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ACS Certification Guidelines Australian Computer Society Professional Standards Board

18 May 2012

Australian Computer Society | ACS Certification Guidelines | 18 May 2012

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TABLE OF CONTENTS
ACS Certification Guidelines ......................................................................................................... 1 1. 2. 3. 4. AUTHORITY ....................................................................................................................... 3 PURPOSE ........................................................................................................................... 3 SCOPE ................................................................................................................................ 3 CERTIFICATION SCHEME ................................................................................................... 4 4.1 4.2 4.3 4.4 4.5 4.6 4.7 48 5. 6. 7. Normative References ................................................................................... 4 Certification Scheme Description .................................................................. 4 Period of Certification .................................................................................. 15 Continuing Professional Development (CPD) .............................................. 15 Monitoring CPD compliance with requirements.......................................... 16 Sanctions for non-compliance ..................................................................... 16 Appeals ......................................................................................................... 16 Confidentiality and disclosure .................................................................... 16

DEFINITIONS AND ABBREVIATIONS ................................................................................ 18 REFERENCES .................................................................................................................... 19 APPENDICES .................................................................................................................... 20 Appendix A Skills Framework for the Information Age (SFIA) ............................... 20

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1.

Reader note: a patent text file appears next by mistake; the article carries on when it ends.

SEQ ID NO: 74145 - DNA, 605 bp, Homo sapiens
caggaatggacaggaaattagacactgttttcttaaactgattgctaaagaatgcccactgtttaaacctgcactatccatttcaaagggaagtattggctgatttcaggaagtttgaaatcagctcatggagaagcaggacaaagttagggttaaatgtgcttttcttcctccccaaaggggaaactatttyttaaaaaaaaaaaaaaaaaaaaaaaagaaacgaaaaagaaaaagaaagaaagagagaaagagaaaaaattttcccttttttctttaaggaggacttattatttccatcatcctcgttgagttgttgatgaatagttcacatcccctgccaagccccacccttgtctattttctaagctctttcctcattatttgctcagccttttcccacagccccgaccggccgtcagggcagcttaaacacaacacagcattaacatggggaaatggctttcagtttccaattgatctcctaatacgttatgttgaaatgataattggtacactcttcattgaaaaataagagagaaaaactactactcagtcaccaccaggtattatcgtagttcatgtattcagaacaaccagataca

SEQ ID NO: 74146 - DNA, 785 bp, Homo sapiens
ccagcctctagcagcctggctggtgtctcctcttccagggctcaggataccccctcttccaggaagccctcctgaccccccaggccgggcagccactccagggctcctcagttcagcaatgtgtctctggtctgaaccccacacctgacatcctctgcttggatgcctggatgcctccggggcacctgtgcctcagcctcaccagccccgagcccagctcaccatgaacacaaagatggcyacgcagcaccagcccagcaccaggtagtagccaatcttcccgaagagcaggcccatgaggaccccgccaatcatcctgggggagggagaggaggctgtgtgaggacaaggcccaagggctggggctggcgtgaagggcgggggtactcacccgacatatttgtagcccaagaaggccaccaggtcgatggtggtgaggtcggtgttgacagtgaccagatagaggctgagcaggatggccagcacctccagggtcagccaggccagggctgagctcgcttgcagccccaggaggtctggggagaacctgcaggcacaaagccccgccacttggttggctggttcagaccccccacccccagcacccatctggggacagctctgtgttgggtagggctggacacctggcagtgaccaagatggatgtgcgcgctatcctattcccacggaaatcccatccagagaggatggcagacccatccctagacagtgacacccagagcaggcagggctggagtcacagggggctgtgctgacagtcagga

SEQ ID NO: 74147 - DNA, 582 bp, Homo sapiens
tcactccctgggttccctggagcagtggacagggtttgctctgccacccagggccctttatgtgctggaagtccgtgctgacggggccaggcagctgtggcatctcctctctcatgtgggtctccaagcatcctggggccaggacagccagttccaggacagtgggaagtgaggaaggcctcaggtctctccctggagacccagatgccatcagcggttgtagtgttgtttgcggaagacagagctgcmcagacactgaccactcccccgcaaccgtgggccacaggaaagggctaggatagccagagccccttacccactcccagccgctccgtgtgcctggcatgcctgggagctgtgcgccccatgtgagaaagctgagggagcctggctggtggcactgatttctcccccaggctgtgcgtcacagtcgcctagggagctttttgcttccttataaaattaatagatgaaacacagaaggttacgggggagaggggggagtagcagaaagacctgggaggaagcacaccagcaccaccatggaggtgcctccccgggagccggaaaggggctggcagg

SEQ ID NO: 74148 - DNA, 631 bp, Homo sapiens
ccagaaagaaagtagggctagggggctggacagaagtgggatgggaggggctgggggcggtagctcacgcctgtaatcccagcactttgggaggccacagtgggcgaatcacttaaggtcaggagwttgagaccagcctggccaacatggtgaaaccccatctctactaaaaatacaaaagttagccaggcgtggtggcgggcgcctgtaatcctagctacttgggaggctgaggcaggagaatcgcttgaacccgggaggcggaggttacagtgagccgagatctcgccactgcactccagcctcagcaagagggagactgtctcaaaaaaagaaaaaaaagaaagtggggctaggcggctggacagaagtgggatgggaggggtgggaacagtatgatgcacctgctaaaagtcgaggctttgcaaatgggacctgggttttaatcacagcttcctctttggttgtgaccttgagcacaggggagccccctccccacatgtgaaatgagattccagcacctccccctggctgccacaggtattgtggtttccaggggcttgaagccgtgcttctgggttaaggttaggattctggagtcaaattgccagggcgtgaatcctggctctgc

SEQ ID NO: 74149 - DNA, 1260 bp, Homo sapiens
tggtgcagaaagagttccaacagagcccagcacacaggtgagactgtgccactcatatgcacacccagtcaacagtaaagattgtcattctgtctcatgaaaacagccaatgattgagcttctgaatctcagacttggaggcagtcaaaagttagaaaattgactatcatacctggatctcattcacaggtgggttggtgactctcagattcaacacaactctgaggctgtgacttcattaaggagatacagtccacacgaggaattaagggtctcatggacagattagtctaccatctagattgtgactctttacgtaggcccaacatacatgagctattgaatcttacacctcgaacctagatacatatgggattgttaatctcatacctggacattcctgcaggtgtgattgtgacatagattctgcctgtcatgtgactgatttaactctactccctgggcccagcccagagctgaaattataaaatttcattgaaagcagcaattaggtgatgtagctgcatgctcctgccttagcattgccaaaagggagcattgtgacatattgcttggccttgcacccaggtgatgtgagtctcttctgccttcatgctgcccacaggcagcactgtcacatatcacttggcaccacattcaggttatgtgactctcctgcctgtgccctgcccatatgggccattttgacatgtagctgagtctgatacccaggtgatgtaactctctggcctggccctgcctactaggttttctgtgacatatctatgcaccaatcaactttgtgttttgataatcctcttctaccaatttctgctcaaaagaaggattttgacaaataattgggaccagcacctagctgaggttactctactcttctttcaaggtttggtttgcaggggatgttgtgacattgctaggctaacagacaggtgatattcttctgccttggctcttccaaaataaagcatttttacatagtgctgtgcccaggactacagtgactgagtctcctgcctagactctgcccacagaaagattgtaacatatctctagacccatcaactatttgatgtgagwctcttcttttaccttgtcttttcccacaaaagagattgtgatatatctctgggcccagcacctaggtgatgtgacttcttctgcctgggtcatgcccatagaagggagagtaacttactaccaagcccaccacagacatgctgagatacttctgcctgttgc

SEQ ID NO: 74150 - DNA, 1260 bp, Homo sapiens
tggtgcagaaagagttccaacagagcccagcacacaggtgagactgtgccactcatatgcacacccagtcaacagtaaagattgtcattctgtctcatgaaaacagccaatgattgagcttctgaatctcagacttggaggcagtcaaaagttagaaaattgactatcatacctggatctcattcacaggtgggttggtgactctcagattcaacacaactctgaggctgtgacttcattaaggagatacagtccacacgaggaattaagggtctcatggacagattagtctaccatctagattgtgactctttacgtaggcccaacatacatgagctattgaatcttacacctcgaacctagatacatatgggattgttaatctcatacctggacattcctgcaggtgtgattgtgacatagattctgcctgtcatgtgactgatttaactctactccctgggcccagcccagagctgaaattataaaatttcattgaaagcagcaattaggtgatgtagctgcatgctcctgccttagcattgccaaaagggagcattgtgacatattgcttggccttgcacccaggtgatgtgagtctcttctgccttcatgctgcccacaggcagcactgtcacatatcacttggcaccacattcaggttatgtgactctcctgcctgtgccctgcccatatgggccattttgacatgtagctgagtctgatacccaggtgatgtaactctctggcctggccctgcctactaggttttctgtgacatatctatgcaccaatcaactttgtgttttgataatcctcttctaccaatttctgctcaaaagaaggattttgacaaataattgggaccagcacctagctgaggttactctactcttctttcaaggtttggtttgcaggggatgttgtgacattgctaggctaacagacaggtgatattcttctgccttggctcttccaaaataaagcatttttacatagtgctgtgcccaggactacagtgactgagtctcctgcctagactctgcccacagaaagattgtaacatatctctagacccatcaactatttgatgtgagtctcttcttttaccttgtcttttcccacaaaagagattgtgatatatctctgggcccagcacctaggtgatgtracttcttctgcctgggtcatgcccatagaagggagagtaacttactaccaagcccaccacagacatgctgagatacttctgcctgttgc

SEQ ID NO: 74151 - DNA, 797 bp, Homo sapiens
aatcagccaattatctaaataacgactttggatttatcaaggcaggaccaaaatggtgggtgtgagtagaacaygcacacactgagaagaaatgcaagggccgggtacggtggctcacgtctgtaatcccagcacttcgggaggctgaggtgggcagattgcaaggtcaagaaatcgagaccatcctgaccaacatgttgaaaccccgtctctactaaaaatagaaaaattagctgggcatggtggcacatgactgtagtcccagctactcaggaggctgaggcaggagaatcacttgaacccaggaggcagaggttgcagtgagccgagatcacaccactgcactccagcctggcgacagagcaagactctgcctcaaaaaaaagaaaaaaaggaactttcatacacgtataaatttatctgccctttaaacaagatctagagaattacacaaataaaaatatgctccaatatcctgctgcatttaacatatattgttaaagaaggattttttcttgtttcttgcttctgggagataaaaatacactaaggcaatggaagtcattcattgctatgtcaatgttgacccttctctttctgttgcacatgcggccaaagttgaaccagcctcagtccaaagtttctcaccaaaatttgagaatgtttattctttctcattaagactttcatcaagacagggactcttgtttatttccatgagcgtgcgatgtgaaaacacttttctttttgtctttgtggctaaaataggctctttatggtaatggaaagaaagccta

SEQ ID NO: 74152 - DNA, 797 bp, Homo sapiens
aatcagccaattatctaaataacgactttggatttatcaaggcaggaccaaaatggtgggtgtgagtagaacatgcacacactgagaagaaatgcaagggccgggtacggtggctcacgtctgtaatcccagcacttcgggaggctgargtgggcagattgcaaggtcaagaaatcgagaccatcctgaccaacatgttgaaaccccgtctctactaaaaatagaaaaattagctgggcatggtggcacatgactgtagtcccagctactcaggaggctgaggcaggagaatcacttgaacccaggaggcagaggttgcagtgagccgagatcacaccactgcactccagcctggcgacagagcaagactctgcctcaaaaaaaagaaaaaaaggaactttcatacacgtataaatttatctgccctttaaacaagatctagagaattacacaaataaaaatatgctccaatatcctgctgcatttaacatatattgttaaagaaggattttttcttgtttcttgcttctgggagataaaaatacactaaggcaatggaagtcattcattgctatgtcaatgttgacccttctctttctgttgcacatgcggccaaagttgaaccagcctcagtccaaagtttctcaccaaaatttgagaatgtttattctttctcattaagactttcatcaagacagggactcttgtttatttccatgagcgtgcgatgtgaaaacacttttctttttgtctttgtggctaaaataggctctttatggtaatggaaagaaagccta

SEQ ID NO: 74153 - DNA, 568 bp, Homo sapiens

AUTHORITY

The Australian Computer Society (ACS) administers certification activity, including all procedures and activities intended to demonstrate the qualifications of ICT practitioners.

2.

PURPOSE

This Quality Policy (QP) establishes a framework for the scheme for certifying persons as certified technologists and certified professionals. It provides the processes needed to establish, administer, and maintain the certification scheme.

3.

SCOPE

These guidelines apply to the scheme intended to provide certification for persons working as ICT practitioners.

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4.
4.1

CERTIFICATION SCHEME
Normative References

The following referenced documents are indispensable for the application of these guidelines: STD - ISO/IEC 17024:2003, Conformity Assessment General requirements for bodies operating certification of persons STD - SO/IEC DIS 17024, General Requirements for Bodies Operating the Certification of Persons

4.2

Certification Scheme Description

4.2.1 Description of an ICT practitioner


ICT practitioners include (but are not restricted to) the following: those who are directly engaged in the usage and delivery of ICT for organisations including management and leadership the practitioners (both professionals and technologists) those developing and delivering educational, learning and development products and services for practitioners - the educators those engaged in ICT research and development (new languages and utilities, new hardware and peripherals, fundamentally new applications, new techniques and tools for IT practitioners) including those in ICT supplier organisations as well as academic institutions the researchers those who regulate, support (including legal and commercial) and represent practitioners and their organisations - effectively another set of people who collectively own ICT related knowledge assets the supporters

4.2.2 Definition of a professional


The definition of a professional given by Professions Australia stresses both the possession of special knowledge and skills in a widely recognised body of learning derived from research, education and training at a high level as well as the possession of a Code of Ethics (Professions Australia, 2007). A view compatible with the ACS charter is that a professional is one who: Possesses an underlying core body of specialised, in-depth, knowledge; Adheres to a code of ethics; Possesses the capacity for independent action, operating with a high level of responsibility and autonomy; and Engages in continuing professional development, enhancing relevant technical and professional skills.

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4.2.3 Professional ICT standard


The ACS established a Professional ICT standard for the certification scheme. The key features of the ACS Professional ICT standard include the following:

The standard is vendor neutral and independent The Skills Framework for the Information Age (SFIA) is the reference document for establishing the minimum standard of competency. Dependent on the maintenance of competency through continuing professional development. Supported by a disciplinary code with a process for public complaint and sanctions.

4.2.4 Roles and Responsibilities - Certified Technologist (CT)